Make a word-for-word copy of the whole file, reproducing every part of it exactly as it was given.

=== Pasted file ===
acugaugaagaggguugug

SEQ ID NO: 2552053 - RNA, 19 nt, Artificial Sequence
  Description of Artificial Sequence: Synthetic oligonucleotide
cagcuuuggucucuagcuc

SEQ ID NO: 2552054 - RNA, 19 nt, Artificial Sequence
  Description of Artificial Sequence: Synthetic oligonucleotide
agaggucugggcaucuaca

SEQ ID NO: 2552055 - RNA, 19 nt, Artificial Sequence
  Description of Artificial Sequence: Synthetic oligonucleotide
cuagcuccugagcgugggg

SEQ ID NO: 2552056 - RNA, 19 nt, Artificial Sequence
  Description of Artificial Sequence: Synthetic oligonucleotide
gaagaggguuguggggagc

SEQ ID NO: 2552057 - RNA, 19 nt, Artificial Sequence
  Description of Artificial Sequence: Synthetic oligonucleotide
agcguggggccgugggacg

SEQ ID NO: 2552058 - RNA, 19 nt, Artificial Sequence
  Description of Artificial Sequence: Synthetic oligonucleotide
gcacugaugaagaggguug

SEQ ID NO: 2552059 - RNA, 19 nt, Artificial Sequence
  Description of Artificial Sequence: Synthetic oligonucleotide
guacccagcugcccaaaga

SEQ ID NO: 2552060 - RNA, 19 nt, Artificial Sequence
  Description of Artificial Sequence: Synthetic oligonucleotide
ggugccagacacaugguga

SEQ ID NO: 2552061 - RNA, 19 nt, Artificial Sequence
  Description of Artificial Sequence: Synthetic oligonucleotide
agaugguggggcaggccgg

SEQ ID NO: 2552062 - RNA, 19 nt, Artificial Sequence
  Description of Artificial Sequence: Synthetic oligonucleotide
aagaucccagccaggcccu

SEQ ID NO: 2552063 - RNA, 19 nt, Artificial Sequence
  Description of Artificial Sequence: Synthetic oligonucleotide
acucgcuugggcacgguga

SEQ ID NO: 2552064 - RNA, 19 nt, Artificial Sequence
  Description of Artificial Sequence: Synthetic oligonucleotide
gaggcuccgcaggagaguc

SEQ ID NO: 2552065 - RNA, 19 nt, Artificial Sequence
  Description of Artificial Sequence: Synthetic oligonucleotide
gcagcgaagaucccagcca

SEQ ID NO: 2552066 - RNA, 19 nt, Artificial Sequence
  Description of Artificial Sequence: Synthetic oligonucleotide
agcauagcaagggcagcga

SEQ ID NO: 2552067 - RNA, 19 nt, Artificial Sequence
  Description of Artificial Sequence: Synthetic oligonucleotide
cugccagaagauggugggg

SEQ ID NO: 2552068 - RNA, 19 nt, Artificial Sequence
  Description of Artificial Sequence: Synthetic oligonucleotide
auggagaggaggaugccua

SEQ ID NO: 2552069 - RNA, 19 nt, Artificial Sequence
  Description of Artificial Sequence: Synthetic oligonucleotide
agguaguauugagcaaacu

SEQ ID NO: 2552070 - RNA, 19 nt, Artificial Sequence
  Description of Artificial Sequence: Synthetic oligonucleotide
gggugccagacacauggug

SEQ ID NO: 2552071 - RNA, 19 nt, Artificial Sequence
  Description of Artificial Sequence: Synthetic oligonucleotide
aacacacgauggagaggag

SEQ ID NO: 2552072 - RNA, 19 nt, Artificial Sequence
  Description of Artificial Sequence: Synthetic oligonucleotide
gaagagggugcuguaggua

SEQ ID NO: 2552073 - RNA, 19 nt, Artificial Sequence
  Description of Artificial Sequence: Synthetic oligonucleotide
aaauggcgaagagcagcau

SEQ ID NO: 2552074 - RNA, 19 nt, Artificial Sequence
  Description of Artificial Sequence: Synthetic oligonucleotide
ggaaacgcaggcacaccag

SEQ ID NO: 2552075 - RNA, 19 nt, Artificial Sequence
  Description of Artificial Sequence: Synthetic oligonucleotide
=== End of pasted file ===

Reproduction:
acugaugaagaggguugug

SEQ ID NO: 2552053 - RNA, 19 nt, Artificial Sequence
  Description of Artificial Sequence: Synthetic oligonucleotide
cagcuuuggucucuagcuc

SEQ ID NO: 2552054 - RNA, 19 nt, Artificial Sequence
  Description of Artificial Sequence: Synthetic oligonucleotide
agaggucugggcaucuaca

SEQ ID NO: 2552055 - RNA, 19 nt, Artificial Sequence
  Description of Artificial Sequence: Synthetic oligonucleotide
cuagcuccugagcgugggg

SEQ ID NO: 2552056 - RNA, 19 nt, Artificial Sequence
  Description of Artificial Sequence: Synthetic oligonucleotide
gaagaggguuguggggagc

SEQ ID NO: 2552057 - RNA, 19 nt, Artificial Sequence
  Description of Artificial Sequence: Synthetic oligonucleotide
agcguggggccgugggacg

SEQ ID NO: 2552058 - RNA, 19 nt, Artificial Sequence
  Description of Artificial Sequence: Synthetic oligonucleotide
gcacugaugaagaggguug

SEQ ID NO: 2552059 - RNA, 19 nt, Artificial Sequence
  Description of Artificial Sequence: Synthetic oligonucleotide
guacccagcugcccaaaga

SEQ ID NO: 2552060 - RNA, 19 nt, Artificial Sequence
  Description of Artificial Sequence: Synthetic oligonucleotide
ggugccagacacaugguga

SEQ ID NO: 2552061 - RNA, 19 nt, Artificial Sequence
  Description of Artificial Sequence: Synthetic oligonucleotide
agaugguggggcaggccgg

SEQ ID NO: 2552062 - RNA, 19 nt, Artificial Sequence
  Description of Artificial Sequence: Synthetic oligonucleotide
aagaucccagccaggcccu

SEQ ID NO: 2552063 - RNA, 19 nt, Artificial Sequence
  Description of Artificial Sequence: Synthetic oligonucleotide
acucgcuugggcacgguga

SEQ ID NO: 2552064 - RNA, 19 nt, Artificial Sequence
  Description of Artificial Sequence: Synthetic oligonucleotide
gaggcuccgcaggagaguc

SEQ ID NO: 2552065 - RNA, 19 nt, Artificial Sequence
  Description of Artificial Sequence: Synthetic oligonucleotide
gcagcgaagaucccagcca

SEQ ID NO: 2552066 - RNA, 19 nt, Artificial Sequence
  Description of Artificial Sequence: Synthetic oligonucleotide
agcauagcaagggcagcga

SEQ ID NO: 2552067 - RNA, 19 nt, Artificial Sequence
  Description of Artificial Sequence: Synthetic oligonucleotide
cugccagaagauggugggg

SEQ ID NO: 2552068 - RNA, 19 nt, Artificial Sequence
  Description of Artificial Sequence: Synthetic oligonucleotide
auggagaggaggaugccua

SEQ ID NO: 2552069 - RNA, 19 nt, Artificial Sequence
  Description of Artificial Sequence: Synthetic oligonucleotide
agguaguauugagcaaacu

SEQ ID NO: 2552070 - RNA, 19 nt, Artificial Sequence
  Description of Artificial Sequence: Synthetic oligonucleotide
gggugccagacacauggug

SEQ ID NO: 2552071 - RNA, 19 nt, Artificial Sequence
  Description of Artificial Sequence: Synthetic oligonucleotide
aacacacgauggagaggag

SEQ ID NO: 2552072 - RNA, 19 nt, Artificial Sequence
  Description of Artificial Sequence: Synthetic oligonucleotide
gaagagggugcuguaggua

SEQ ID NO: 2552073 - RNA, 19 nt, Artificial Sequence
  Description of Artificial Sequence: Synthetic oligonucleotide
aaauggcgaagagcagcau

SEQ ID NO: 2552074 - RNA, 19 nt, Artificial Sequence
  Description of Artificial Sequence: Synthetic oligonucleotide
ggaaacgcaggcacaccag

SEQ ID NO: 2552075 - RNA, 19 nt, Artificial Sequence
  Description of Artificial Sequence: Synthetic oligonucleotide